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Hidden in plain sight

Martyrdom of St. Sebastian by Bartolomeo di Giovanni

Until recently, across much of the Western world, homosexual acts and cross-dressing have faced legal prohibition. This, together with the widespread social stigmatising of homosexuality and gender non-conformity, has meant that LGBT communities have had to develop innovate ways of communicating with each other that fall under the radar of the establishment and those not ‘in the know’.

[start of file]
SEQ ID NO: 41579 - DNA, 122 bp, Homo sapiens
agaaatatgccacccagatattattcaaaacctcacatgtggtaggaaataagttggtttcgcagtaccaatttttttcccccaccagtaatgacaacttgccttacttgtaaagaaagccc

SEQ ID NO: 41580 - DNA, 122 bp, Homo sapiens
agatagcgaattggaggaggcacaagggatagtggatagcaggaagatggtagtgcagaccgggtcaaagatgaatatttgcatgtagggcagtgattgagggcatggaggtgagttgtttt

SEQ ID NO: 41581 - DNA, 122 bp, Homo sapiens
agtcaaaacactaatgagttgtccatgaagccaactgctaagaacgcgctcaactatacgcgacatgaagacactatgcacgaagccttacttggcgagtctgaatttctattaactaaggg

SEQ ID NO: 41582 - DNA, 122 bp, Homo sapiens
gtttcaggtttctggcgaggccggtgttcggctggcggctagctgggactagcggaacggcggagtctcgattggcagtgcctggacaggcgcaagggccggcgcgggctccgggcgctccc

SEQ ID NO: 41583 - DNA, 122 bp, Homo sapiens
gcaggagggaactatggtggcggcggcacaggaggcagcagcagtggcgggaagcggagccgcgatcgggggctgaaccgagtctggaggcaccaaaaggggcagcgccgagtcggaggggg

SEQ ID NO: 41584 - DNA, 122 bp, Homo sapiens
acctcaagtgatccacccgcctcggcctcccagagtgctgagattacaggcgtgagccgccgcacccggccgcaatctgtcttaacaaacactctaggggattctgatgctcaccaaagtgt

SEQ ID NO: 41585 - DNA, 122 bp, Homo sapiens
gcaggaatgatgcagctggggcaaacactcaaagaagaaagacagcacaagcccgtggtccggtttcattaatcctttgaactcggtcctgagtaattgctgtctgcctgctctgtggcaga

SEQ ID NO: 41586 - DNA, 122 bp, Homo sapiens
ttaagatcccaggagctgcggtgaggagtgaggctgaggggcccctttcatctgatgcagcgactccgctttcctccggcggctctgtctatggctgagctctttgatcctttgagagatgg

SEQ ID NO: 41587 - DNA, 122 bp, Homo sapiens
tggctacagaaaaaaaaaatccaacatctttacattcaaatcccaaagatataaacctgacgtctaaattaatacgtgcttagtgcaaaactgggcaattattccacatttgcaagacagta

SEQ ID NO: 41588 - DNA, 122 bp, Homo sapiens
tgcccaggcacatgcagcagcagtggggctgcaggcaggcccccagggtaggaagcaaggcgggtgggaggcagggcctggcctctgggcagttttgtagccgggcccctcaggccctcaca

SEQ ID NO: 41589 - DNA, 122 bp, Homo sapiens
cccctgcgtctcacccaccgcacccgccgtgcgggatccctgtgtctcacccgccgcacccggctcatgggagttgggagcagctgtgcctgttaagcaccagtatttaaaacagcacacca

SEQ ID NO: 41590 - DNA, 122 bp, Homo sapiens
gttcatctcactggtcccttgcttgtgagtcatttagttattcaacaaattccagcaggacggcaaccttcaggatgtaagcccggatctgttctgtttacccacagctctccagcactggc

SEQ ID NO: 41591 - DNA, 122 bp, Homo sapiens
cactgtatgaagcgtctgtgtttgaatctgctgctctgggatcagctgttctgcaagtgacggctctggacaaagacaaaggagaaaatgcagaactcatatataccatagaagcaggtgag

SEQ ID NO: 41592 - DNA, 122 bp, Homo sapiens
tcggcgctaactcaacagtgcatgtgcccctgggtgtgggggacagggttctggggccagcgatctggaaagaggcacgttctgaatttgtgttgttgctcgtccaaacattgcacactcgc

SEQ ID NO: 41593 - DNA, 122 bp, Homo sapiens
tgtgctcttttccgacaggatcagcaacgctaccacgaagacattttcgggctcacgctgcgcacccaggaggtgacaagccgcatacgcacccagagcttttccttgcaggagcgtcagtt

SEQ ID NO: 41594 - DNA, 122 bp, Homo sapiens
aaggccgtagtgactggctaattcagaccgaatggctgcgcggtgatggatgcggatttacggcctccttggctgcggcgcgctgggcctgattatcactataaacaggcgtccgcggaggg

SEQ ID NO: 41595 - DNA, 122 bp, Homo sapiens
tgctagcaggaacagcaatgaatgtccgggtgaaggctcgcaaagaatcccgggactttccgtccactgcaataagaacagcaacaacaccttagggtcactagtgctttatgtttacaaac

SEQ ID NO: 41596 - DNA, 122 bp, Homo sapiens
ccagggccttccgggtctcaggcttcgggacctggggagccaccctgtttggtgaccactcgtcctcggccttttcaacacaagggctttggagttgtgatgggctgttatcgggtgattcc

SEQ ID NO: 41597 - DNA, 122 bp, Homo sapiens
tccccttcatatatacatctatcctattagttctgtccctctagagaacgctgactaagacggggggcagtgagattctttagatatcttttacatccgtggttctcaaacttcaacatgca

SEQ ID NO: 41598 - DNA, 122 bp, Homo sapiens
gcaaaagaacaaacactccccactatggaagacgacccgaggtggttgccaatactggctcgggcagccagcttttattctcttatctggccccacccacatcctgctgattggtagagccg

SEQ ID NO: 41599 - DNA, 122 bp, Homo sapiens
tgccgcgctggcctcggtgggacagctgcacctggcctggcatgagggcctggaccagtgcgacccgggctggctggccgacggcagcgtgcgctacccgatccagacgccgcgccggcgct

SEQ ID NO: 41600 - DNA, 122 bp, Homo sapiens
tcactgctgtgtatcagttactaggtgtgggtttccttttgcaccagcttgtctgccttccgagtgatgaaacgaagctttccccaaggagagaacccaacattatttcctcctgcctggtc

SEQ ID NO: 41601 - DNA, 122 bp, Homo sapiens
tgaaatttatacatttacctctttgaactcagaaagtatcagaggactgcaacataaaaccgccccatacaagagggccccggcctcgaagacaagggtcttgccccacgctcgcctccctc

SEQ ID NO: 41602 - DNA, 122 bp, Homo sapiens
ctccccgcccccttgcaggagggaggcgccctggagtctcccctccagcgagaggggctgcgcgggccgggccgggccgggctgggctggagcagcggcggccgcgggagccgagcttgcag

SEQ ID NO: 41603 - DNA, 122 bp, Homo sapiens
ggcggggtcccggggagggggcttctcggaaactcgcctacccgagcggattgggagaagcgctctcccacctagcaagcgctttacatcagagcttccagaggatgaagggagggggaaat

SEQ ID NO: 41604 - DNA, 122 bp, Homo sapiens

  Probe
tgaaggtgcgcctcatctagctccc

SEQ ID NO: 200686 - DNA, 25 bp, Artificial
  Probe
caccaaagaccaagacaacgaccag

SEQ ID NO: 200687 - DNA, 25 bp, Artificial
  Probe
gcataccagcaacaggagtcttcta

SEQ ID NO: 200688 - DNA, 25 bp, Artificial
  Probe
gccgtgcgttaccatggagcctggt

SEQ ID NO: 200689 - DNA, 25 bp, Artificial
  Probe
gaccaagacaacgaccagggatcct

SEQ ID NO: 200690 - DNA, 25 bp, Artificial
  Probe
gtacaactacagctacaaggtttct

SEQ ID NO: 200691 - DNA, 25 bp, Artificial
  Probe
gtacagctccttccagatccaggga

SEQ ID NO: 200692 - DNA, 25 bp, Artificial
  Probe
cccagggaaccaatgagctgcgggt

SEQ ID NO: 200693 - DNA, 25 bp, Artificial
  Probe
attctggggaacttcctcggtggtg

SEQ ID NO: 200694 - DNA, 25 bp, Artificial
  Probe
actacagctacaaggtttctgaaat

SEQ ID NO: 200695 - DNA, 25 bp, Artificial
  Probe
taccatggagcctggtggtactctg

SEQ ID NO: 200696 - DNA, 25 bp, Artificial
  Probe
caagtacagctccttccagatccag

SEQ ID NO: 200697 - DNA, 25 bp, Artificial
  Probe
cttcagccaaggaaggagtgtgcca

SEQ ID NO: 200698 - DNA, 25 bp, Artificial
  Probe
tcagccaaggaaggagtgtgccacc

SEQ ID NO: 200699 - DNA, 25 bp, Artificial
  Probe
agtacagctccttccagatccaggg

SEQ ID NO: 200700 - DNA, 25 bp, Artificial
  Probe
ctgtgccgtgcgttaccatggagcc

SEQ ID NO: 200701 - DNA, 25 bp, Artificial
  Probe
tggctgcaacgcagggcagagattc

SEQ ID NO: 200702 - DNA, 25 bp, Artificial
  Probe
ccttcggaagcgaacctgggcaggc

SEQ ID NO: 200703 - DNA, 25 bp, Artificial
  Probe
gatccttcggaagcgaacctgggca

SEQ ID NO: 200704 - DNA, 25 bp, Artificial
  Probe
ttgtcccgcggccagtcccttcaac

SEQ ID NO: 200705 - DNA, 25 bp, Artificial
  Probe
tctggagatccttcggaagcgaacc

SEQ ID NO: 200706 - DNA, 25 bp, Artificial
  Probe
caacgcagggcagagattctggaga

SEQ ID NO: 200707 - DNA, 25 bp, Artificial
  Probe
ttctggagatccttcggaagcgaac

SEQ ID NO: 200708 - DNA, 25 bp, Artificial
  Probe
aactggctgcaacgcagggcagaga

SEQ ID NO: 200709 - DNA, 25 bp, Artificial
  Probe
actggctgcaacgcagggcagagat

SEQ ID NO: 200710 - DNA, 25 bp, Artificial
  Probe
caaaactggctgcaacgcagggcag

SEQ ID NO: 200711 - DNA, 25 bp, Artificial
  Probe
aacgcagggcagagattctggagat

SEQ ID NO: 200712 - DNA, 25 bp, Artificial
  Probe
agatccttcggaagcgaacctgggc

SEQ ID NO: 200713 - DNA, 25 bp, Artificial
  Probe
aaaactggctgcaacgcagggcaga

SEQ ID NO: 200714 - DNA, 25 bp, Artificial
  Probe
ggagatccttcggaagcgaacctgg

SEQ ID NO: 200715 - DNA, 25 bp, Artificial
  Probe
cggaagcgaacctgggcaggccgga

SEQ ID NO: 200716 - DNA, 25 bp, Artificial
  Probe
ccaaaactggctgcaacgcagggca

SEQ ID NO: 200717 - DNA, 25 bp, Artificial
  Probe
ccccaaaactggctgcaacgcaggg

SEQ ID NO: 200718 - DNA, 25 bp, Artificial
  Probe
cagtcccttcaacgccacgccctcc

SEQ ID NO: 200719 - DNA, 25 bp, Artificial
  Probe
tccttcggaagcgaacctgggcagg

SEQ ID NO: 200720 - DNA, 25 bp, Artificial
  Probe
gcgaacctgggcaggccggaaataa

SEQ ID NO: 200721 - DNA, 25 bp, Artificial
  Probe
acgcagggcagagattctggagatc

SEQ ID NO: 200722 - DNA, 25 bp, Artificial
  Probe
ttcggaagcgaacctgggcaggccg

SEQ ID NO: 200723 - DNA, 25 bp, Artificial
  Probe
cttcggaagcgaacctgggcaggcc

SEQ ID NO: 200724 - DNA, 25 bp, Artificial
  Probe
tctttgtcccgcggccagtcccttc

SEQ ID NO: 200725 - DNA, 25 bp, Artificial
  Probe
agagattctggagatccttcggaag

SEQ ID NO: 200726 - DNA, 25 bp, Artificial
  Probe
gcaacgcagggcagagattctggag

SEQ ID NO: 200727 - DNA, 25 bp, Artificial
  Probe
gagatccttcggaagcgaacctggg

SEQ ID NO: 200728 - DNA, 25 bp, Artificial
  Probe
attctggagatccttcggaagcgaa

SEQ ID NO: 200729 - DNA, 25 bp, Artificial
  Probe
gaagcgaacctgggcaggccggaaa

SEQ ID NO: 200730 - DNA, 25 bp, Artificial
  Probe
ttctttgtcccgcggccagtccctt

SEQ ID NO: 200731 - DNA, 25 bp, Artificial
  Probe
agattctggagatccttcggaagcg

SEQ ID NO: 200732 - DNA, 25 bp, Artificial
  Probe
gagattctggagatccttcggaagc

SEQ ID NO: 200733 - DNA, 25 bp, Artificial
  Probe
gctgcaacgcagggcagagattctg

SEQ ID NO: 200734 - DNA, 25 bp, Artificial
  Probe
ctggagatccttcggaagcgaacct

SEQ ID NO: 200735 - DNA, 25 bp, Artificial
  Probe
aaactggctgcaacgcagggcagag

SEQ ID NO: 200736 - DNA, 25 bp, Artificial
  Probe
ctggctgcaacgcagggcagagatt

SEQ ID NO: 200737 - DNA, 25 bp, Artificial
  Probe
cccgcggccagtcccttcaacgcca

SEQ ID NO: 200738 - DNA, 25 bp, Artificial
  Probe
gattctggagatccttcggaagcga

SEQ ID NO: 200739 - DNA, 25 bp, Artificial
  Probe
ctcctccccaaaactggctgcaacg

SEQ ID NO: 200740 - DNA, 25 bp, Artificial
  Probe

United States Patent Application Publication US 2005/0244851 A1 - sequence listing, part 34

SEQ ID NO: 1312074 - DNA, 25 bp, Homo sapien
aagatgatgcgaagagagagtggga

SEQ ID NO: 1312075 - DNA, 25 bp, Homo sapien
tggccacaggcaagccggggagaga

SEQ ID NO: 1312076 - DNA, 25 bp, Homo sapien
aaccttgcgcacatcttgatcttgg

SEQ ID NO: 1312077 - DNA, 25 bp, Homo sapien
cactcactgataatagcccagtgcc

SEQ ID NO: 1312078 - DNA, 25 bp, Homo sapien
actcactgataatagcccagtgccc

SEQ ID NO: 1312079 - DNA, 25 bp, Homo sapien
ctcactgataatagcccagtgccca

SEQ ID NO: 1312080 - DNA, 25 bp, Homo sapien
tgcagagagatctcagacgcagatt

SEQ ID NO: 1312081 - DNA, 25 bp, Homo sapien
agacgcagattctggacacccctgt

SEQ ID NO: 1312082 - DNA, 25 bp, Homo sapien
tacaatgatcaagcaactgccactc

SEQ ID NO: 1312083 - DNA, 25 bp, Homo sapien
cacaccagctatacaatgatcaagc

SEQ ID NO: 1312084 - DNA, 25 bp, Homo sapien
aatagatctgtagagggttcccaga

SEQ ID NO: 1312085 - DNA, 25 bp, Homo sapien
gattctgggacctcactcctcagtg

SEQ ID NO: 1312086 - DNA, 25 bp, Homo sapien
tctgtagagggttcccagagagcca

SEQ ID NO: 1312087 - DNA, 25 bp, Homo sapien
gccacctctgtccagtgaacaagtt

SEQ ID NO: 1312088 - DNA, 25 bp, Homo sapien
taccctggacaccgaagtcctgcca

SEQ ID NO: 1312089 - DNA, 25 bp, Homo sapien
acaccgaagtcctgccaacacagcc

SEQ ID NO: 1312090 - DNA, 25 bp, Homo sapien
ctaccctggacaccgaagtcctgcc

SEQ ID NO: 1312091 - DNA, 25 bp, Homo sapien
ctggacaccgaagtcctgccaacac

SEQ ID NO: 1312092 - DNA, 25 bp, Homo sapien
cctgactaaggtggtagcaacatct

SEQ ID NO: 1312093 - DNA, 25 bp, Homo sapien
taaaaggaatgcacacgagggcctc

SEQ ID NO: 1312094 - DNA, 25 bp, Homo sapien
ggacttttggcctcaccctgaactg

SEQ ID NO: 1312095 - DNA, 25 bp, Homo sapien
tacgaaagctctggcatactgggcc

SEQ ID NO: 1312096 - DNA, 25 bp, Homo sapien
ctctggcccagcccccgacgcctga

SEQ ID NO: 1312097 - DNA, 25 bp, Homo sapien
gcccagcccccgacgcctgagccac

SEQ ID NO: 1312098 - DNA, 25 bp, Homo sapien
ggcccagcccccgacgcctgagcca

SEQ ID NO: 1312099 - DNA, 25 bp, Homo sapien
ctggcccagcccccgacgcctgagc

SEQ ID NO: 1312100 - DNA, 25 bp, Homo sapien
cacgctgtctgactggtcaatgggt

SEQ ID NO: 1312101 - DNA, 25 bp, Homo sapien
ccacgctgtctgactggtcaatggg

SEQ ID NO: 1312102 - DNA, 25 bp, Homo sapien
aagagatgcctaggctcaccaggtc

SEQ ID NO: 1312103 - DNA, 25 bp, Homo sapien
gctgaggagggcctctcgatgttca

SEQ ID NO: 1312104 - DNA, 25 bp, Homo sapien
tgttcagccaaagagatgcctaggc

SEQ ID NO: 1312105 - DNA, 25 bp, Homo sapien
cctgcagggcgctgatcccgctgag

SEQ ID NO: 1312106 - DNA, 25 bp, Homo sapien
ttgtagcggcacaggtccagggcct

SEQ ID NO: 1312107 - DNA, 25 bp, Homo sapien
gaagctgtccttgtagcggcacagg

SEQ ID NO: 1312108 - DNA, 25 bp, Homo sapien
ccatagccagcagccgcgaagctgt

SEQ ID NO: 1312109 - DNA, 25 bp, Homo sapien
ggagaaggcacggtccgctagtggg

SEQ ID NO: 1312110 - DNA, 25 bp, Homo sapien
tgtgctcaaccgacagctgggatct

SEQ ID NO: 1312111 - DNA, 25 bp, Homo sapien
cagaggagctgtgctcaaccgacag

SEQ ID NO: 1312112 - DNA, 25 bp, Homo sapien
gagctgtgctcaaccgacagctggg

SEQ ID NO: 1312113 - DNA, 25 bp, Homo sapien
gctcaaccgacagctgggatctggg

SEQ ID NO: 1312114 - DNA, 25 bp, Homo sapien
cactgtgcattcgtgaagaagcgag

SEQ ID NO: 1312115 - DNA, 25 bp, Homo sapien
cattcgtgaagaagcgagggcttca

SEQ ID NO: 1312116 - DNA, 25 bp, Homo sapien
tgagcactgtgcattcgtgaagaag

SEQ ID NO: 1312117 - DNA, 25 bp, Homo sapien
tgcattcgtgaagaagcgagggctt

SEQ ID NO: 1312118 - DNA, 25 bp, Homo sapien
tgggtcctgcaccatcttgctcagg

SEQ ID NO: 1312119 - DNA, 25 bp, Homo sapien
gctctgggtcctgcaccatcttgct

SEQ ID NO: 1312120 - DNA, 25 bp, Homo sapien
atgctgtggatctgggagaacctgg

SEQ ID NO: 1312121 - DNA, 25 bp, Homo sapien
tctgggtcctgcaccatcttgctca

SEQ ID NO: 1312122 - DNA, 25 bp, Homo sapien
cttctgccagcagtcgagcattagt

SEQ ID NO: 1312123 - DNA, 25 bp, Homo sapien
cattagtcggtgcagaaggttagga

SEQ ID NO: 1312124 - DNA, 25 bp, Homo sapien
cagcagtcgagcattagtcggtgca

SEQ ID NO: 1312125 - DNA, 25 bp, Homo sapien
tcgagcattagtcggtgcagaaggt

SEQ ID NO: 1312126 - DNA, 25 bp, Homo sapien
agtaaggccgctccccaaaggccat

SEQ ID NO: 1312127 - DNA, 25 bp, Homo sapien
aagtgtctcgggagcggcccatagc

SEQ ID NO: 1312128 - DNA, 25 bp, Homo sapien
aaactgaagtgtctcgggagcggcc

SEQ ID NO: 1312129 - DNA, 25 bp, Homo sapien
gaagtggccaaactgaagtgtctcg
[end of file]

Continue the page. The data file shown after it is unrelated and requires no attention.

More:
One important way that gay men have conversed in Britain, until the decriminalisation of homosexual acts in 1967, was through the slang language, Polari.  Polari is a mixture of Romance, Romani, Yiddish, rhyming and other forms of slang, and was used in London fish markets, circuses, fairgrounds and the theatre, and also by gay men. Fashion accessories, from handkerchiefs to green carnations pinned to lapels, have been used by gay men to signal to others that they can be approached. Art has consistently provided a platform for the development of often highly creative, coded languages and visual devices. In the past it has allowed LGBT artists to express themselves freely, even in highly visible and conservative public spaces. 



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